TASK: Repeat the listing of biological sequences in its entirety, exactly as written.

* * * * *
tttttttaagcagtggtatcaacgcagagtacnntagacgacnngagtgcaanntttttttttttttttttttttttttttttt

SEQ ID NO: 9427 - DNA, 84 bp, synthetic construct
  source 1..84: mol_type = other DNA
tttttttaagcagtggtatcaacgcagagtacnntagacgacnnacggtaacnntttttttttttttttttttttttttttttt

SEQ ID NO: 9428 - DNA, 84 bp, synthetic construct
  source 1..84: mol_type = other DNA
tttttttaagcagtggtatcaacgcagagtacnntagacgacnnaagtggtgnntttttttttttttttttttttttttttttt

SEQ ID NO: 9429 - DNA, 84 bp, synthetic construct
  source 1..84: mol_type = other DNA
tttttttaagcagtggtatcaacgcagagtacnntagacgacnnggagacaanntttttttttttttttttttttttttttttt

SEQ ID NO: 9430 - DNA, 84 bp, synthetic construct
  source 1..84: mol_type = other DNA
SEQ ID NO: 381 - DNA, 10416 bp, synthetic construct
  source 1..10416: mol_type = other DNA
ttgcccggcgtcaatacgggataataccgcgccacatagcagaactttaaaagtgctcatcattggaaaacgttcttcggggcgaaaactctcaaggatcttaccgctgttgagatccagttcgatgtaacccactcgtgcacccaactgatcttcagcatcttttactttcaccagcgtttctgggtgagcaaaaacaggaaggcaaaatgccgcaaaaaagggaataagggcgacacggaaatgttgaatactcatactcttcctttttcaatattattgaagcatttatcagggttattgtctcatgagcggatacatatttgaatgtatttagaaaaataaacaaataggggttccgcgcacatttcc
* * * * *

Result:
tttttttaagcagtggtatcaacgcagagtacnntagacgacnngagtgcaanntttttttttttttttttttttttttttttt

SEQ ID NO: 9427 - DNA, 84 bp, synthetic construct
  source 1..84: mol_type = other DNA
tttttttaagcagtggtatcaacgcagagtacnntagacgacnnacggtaacnntttttttttttttttttttttttttttttt

SEQ ID NO: 9428 - DNA, 84 bp, synthetic construct
  source 1..84: mol_type = other DNA
tttttttaagcagtggtatcaacgcagagtacnntagacgacnnaagtggtgnntttttttttttttttttttttttttttttt

SEQ ID NO: 9429 - DNA, 84 bp, synthetic construct
  source 1..84: mol_type = other DNA
tttttttaagcagtggtatcaacgcagagtacnntagacgacnnggagacaanntttttttttttttttttttttttttttttt

SEQ ID NO: 9430 - DNA, 84 bp, synthetic construct
  source 1..84: mol_type = other DNA
SEQ ID NO: 381 - DNA, 10416 bp, synthetic construct
  source 1..10416: mol_type = other DNA
ttgcccggcgtcaatacgggataataccgcgccacatagcagaactttaaaagtgctcatcattggaaaacgttcttcggggcgaaaactctcaaggatcttaccgctgttgagatccagttcgatgtaacccactcgtgcacccaactgatcttcagcatcttttactttcaccagcgtttctgggtgagcaaaaacaggaaggcaaaatgccgcaaaaaagggaataagggcgacacggaaatgttgaatactcatactcttcctttttcaatattattgaagcatttatcagggttattgtctcatgagcggatacatatttgaatgtatttagaaaaataaacaaataggggttccgcgcacatttcc